Interlacing gives thin beams solid beam power
Since the 1990s, researchers have been trying to replace the solid beams used in conventional
radiation treatment with parallel arrays of very thin — 25 to 90 μm —
planar x-ray beams. High doses of microbeam radiation therapy control malignant
tumors in animals with little damage to surrounding tissue; unfortunately, few facilities
are equipped with the synchrotrons that can generate thin beams at adequate intensity.
As published in PNAS on June 20, researchers
at Brookhaven National Laboratory in Upton, N.Y., at Stony Brook University in
New York, at the Istituto Neurologico Mediterraneo in Pozzilli, Italy, and at Georgetown
University in Washington have reported that they may be able to create the same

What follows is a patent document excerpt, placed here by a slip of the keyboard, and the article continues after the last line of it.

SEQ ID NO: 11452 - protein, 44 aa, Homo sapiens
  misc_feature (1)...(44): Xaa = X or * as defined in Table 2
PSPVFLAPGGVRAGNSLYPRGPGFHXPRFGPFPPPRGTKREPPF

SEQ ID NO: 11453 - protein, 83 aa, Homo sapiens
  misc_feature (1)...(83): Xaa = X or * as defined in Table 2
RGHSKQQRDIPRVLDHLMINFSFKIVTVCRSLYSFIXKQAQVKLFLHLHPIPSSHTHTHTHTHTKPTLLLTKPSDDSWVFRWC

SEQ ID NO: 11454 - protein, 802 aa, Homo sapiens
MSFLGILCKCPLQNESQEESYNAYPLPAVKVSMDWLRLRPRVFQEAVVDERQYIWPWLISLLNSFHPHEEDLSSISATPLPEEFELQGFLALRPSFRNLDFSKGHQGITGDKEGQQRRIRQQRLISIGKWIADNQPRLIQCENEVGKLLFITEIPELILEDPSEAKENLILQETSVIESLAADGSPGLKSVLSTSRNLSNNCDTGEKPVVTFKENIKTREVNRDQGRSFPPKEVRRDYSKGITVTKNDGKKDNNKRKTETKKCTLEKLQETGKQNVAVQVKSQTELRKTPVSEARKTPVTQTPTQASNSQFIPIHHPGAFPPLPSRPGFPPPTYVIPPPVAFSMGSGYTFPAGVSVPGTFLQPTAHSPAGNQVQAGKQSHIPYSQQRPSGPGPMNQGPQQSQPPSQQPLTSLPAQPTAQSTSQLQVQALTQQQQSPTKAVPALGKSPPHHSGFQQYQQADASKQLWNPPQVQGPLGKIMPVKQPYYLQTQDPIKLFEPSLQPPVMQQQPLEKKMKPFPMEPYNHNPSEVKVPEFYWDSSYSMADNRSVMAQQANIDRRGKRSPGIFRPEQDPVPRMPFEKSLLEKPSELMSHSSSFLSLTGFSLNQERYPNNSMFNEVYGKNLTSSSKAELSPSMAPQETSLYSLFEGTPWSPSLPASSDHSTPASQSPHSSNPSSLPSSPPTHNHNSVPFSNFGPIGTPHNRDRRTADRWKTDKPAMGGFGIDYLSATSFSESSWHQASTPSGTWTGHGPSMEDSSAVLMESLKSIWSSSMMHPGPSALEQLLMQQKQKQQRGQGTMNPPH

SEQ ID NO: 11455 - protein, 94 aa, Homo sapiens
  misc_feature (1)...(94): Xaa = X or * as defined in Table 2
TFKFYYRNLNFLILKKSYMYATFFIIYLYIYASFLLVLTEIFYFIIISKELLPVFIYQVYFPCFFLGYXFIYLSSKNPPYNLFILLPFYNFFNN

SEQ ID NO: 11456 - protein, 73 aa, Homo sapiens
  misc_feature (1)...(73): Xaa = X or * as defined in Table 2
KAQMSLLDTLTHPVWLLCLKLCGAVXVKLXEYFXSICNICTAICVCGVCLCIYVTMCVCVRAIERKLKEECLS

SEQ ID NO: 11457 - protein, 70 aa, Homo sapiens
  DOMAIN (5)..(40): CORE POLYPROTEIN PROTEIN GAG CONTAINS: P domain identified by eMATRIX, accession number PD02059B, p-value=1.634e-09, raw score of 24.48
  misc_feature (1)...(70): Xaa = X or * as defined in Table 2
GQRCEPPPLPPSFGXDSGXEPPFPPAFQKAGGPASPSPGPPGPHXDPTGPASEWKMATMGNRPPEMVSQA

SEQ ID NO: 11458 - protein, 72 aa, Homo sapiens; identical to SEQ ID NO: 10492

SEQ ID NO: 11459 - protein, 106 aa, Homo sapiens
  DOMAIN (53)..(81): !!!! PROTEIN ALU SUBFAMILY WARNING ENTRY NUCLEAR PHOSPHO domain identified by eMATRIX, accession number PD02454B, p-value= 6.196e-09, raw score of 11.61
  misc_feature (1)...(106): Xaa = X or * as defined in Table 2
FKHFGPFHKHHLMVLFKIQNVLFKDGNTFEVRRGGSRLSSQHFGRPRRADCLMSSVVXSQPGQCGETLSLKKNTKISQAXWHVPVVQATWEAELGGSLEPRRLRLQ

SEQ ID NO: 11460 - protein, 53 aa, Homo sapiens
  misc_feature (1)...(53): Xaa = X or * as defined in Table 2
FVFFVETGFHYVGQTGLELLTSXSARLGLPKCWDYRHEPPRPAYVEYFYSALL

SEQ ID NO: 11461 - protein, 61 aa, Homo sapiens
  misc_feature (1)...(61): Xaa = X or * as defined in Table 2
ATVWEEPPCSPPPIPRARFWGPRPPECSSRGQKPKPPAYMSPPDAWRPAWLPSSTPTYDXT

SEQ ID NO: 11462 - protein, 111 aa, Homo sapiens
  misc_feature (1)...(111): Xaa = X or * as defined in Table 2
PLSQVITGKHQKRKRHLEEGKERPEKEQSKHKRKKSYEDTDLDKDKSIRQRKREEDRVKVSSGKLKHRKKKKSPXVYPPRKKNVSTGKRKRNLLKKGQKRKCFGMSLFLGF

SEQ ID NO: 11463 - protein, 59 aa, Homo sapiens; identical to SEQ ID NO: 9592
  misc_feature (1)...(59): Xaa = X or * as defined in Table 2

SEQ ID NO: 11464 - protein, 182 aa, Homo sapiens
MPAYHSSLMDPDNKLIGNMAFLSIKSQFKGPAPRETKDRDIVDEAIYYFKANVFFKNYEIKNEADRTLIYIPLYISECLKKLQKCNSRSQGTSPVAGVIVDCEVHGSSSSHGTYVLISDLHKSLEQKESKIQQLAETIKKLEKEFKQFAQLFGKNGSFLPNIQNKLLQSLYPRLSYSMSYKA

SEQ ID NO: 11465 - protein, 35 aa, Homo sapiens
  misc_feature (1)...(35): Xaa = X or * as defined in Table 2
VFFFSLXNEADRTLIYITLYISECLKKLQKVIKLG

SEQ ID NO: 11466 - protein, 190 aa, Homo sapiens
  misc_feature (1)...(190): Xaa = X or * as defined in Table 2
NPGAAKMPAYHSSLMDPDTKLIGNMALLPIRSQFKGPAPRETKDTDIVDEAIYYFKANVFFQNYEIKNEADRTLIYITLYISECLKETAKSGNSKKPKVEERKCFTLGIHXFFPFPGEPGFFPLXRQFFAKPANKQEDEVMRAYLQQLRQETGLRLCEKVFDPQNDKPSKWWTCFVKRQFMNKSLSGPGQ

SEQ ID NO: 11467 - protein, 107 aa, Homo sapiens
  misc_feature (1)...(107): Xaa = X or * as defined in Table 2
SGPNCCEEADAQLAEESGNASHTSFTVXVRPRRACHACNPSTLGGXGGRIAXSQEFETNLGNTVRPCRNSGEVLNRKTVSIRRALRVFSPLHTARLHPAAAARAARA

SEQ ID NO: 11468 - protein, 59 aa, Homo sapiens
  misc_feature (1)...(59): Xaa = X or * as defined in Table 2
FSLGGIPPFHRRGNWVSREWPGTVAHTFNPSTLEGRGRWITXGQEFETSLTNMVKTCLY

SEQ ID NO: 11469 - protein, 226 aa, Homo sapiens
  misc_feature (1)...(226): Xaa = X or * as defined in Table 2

effect with significantly thicker microbeams by interlacing beams within the target.
Because the technology used to form thicker microbeams is more widely available,
treatments that employ them may be possible in hospitals of the future.
Initially, scientists exposed healthy
rats to high doses of radiation using microbeams up to 0.68 mm thick to demonstrate
that a thickness within the capability of specialized x-ray tubes has little effect
on healthy tissues.
In further studies, they found that
they could interlace two sets of parallel arrays of thick microbeams at 90°
so that the beams of one array would fill the spaces of the opposite array and produce
the equivalent of a solid beam in the target only.
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